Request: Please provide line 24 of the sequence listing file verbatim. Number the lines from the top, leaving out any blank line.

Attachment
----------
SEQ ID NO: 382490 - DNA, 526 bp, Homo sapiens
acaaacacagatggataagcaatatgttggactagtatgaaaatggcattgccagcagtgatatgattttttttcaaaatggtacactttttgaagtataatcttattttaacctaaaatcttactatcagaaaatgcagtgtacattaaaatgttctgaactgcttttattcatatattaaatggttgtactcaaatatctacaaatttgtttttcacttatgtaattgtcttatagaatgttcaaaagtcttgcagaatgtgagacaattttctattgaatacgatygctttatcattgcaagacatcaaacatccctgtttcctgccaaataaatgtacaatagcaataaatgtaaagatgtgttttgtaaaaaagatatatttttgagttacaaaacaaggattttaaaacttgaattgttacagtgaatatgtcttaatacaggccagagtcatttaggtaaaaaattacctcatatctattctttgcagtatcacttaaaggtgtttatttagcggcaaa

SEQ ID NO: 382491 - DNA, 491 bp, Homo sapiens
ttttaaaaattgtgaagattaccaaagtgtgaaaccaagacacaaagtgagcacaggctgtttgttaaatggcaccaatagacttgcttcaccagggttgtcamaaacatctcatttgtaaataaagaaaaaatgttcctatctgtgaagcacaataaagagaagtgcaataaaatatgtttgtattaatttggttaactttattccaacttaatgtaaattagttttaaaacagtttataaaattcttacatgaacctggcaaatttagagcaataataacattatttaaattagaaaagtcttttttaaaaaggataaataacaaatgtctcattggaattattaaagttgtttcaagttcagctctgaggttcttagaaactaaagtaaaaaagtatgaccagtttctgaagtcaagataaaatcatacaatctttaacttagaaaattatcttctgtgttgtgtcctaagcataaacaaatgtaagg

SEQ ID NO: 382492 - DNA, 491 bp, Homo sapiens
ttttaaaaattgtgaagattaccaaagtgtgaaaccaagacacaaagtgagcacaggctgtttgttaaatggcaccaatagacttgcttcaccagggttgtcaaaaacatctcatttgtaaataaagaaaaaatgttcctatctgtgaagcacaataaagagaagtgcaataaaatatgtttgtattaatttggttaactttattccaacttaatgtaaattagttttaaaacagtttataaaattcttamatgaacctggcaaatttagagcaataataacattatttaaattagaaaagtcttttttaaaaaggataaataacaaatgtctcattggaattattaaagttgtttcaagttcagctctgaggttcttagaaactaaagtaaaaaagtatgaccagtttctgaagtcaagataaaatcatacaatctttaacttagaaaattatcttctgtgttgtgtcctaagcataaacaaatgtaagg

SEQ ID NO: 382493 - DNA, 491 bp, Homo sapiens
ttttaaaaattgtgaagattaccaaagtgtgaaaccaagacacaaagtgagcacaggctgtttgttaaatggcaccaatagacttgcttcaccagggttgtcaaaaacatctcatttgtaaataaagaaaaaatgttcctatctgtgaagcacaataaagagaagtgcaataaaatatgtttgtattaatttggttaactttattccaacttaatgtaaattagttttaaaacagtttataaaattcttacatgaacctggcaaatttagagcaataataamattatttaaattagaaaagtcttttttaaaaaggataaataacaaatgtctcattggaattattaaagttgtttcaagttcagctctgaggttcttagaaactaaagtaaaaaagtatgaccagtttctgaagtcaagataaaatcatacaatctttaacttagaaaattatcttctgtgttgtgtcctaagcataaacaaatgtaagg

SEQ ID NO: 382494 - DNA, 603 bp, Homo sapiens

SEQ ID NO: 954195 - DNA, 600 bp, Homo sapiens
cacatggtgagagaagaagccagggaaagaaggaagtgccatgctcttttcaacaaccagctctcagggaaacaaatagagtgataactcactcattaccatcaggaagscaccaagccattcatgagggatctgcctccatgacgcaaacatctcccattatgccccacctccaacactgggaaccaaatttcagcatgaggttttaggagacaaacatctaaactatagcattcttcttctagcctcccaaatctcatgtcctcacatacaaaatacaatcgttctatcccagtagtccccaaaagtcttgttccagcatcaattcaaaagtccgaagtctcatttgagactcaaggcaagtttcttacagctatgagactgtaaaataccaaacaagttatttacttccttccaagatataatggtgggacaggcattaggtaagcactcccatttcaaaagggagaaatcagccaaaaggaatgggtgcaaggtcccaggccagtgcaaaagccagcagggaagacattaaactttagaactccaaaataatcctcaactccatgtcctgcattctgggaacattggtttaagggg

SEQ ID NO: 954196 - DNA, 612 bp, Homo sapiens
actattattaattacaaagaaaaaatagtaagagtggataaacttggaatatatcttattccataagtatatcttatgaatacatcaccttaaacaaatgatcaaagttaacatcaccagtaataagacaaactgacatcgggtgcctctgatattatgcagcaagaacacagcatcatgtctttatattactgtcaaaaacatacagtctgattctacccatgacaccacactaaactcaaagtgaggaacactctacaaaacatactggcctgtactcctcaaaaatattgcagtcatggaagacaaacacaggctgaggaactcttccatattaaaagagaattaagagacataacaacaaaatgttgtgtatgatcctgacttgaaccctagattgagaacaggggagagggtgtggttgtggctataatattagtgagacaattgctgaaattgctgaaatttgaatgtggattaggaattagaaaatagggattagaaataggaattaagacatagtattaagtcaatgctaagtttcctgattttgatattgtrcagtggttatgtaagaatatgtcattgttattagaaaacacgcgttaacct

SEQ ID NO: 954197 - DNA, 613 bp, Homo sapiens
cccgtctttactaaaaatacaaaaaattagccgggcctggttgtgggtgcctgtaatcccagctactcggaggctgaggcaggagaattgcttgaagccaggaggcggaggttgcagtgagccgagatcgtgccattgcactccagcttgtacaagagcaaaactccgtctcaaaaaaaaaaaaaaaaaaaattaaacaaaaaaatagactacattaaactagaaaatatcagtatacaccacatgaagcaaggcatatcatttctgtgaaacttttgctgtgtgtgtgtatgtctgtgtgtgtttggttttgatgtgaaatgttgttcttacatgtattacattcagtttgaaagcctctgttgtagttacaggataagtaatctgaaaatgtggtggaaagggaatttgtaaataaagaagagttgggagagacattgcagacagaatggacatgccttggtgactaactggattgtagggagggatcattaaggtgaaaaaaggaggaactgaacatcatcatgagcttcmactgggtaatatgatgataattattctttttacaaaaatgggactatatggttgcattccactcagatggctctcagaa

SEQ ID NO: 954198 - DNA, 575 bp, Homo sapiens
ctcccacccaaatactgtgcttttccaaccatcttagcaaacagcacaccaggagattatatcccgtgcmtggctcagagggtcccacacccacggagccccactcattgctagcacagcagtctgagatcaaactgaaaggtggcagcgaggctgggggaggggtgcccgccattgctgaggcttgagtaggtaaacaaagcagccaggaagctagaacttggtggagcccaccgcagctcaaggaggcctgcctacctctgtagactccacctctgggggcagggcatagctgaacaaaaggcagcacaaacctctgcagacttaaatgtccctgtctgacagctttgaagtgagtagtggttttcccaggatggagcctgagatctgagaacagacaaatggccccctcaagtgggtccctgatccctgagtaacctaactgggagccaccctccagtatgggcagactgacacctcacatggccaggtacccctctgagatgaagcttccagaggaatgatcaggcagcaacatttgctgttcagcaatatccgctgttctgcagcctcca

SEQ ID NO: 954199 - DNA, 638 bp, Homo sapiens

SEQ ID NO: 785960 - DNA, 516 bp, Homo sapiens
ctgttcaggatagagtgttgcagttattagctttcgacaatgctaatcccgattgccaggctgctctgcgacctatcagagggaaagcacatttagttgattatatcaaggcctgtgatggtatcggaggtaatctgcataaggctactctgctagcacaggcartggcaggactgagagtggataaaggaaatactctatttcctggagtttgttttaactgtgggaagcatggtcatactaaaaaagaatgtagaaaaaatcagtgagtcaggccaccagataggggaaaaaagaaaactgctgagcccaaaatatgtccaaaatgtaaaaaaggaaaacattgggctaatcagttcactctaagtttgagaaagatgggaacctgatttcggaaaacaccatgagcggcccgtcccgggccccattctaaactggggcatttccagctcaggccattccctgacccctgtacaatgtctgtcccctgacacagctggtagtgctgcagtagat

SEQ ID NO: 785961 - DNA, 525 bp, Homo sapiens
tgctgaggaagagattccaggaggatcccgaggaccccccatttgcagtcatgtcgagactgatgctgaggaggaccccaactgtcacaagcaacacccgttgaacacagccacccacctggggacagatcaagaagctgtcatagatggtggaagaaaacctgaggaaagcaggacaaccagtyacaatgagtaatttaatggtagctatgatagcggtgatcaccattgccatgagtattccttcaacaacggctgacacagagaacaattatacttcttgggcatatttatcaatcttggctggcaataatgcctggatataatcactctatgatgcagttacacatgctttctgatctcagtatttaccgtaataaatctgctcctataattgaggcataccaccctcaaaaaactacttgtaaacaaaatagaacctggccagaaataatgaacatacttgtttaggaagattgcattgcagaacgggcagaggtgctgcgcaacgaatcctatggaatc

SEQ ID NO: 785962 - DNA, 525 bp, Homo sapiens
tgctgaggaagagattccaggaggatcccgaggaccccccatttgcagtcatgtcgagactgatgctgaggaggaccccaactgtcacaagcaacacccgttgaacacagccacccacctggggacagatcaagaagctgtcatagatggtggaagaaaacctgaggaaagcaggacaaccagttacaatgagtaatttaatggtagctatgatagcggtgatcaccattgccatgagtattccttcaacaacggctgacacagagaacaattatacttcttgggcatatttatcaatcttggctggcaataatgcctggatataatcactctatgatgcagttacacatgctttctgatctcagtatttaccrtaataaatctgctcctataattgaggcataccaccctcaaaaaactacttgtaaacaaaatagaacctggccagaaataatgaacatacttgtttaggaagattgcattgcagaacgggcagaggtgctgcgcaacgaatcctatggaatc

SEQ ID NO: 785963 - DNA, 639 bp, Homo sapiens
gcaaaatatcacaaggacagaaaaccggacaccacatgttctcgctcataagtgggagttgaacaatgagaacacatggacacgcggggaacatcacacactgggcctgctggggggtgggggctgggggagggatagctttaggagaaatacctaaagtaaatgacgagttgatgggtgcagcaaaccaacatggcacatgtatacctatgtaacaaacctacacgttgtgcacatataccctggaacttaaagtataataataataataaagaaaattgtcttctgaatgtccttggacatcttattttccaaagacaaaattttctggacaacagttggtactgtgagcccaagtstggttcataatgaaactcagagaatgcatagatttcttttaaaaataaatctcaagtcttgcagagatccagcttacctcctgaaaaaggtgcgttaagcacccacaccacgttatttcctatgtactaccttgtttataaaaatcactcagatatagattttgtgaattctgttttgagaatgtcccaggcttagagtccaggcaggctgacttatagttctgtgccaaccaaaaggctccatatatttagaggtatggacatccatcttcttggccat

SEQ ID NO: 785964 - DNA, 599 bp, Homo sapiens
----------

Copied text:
tgctgaggaagagattccaggaggatcccgaggaccccccatttgcagtcatgtcgagactgatgctgaggaggaccccaactgtcacaagcaacacccgttgaacacagccacccacctggggacagatcaagaagctgtcatagatggtggaagaaaacctgaggaaagcaggacaaccagttacaatgagtaatttaatggtagctatgatagcggtgatcaccattgccatgagtattccttcaacaacggctgacacagagaacaattatacttcttgggcatatttatcaatcttggctggcaataatgcctggatataatcactctatgatgcagttacacatgctttctgatctcagtatttaccrtaataaatctgctcctataattgaggcataccaccctcaaaaaactacttgtaaacaaaatagaacctggccagaaataatgaacatacttgtttaggaagattgcattgcagaacgggcagaggtgctgcgcaacgaatcctatggaatc